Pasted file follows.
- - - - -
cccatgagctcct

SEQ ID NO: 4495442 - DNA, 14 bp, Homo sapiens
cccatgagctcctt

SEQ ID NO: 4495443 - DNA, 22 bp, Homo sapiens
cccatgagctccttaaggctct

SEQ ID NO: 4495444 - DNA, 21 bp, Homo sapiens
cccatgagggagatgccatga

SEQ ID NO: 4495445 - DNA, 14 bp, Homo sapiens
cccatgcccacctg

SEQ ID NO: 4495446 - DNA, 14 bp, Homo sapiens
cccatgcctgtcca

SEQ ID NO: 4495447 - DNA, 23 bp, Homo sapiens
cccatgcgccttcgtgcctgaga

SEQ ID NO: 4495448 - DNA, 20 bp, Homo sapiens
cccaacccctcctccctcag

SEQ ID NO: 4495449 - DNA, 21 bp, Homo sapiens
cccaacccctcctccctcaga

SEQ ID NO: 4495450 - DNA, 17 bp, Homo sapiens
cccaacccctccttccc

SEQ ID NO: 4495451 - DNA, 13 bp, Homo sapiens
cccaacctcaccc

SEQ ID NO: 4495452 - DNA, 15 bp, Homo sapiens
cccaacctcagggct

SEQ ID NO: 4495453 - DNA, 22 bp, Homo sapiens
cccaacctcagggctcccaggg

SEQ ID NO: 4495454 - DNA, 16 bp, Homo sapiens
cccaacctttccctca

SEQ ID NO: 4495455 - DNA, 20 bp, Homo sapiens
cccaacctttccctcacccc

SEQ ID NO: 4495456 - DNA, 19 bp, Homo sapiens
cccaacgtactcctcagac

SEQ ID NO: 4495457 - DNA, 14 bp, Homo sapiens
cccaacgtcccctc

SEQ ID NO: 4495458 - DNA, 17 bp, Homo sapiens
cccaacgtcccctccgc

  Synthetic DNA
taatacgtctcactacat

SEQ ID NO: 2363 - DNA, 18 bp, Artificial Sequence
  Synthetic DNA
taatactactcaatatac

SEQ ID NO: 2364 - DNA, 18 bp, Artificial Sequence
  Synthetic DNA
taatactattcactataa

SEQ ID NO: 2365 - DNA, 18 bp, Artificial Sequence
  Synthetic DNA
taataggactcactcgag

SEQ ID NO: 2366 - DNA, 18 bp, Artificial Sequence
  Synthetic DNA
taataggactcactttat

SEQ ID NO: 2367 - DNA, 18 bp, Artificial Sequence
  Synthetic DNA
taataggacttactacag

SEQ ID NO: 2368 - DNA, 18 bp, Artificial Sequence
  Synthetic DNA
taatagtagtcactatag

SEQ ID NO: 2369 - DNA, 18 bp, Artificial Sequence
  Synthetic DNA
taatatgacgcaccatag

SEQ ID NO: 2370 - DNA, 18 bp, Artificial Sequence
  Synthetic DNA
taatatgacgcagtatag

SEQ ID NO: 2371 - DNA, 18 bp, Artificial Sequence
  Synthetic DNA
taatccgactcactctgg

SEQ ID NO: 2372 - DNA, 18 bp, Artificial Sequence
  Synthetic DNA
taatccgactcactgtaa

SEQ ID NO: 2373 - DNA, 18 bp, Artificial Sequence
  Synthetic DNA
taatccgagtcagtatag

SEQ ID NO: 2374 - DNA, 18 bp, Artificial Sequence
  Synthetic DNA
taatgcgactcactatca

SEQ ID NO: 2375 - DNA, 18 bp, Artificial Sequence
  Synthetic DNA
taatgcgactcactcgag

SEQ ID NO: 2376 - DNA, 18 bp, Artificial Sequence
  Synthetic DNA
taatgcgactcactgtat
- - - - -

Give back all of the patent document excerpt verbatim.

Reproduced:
cccatgagctcct

SEQ ID NO: 4495442 - DNA, 14 bp, Homo sapiens
cccatgagctcctt

SEQ ID NO: 4495443 - DNA, 22 bp, Homo sapiens
cccatgagctccttaaggctct

SEQ ID NO: 4495444 - DNA, 21 bp, Homo sapiens
cccatgagggagatgccatga

SEQ ID NO: 4495445 - DNA, 14 bp, Homo sapiens
cccatgcccacctg

SEQ ID NO: 4495446 - DNA, 14 bp, Homo sapiens
cccatgcctgtcca

SEQ ID NO: 4495447 - DNA, 23 bp, Homo sapiens
cccatgcgccttcgtgcctgaga

SEQ ID NO: 4495448 - DNA, 20 bp, Homo sapiens
cccaacccctcctccctcag

SEQ ID NO: 4495449 - DNA, 21 bp, Homo sapiens
cccaacccctcctccctcaga

SEQ ID NO: 4495450 - DNA, 17 bp, Homo sapiens
cccaacccctccttccc

SEQ ID NO: 4495451 - DNA, 13 bp, Homo sapiens
cccaacctcaccc

SEQ ID NO: 4495452 - DNA, 15 bp, Homo sapiens
cccaacctcagggct

SEQ ID NO: 4495453 - DNA, 22 bp, Homo sapiens
cccaacctcagggctcccaggg

SEQ ID NO: 4495454 - DNA, 16 bp, Homo sapiens
cccaacctttccctca

SEQ ID NO: 4495455 - DNA, 20 bp, Homo sapiens
cccaacctttccctcacccc

SEQ ID NO: 4495456 - DNA, 19 bp, Homo sapiens
cccaacgtactcctcagac

SEQ ID NO: 4495457 - DNA, 14 bp, Homo sapiens
cccaacgtcccctc

SEQ ID NO: 4495458 - DNA, 17 bp, Homo sapiens
cccaacgtcccctccgc

  Synthetic DNA
taatacgtctcactacat

SEQ ID NO: 2363 - DNA, 18 bp, Artificial Sequence
  Synthetic DNA
taatactactcaatatac

SEQ ID NO: 2364 - DNA, 18 bp, Artificial Sequence
  Synthetic DNA
taatactattcactataa

SEQ ID NO: 2365 - DNA, 18 bp, Artificial Sequence
  Synthetic DNA
taataggactcactcgag

SEQ ID NO: 2366 - DNA, 18 bp, Artificial Sequence
  Synthetic DNA
taataggactcactttat

SEQ ID NO: 2367 - DNA, 18 bp, Artificial Sequence
  Synthetic DNA
taataggacttactacag

SEQ ID NO: 2368 - DNA, 18 bp, Artificial Sequence
  Synthetic DNA
taatagtagtcactatag

SEQ ID NO: 2369 - DNA, 18 bp, Artificial Sequence
  Synthetic DNA
taatatgacgcaccatag

SEQ ID NO: 2370 - DNA, 18 bp, Artificial Sequence
  Synthetic DNA
taatatgacgcagtatag

SEQ ID NO: 2371 - DNA, 18 bp, Artificial Sequence
  Synthetic DNA
taatccgactcactctgg

SEQ ID NO: 2372 - DNA, 18 bp, Artificial Sequence
  Synthetic DNA
taatccgactcactgtaa

SEQ ID NO: 2373 - DNA, 18 bp, Artificial Sequence
  Synthetic DNA
taatccgagtcagtatag

SEQ ID NO: 2374 - DNA, 18 bp, Artificial Sequence
  Synthetic DNA
taatgcgactcactatca

SEQ ID NO: 2375 - DNA, 18 bp, Artificial Sequence
  Synthetic DNA
taatgcgactcactcgag

SEQ ID NO: 2376 - DNA, 18 bp, Artificial Sequence
  Synthetic DNA
taatgcgactcactgtat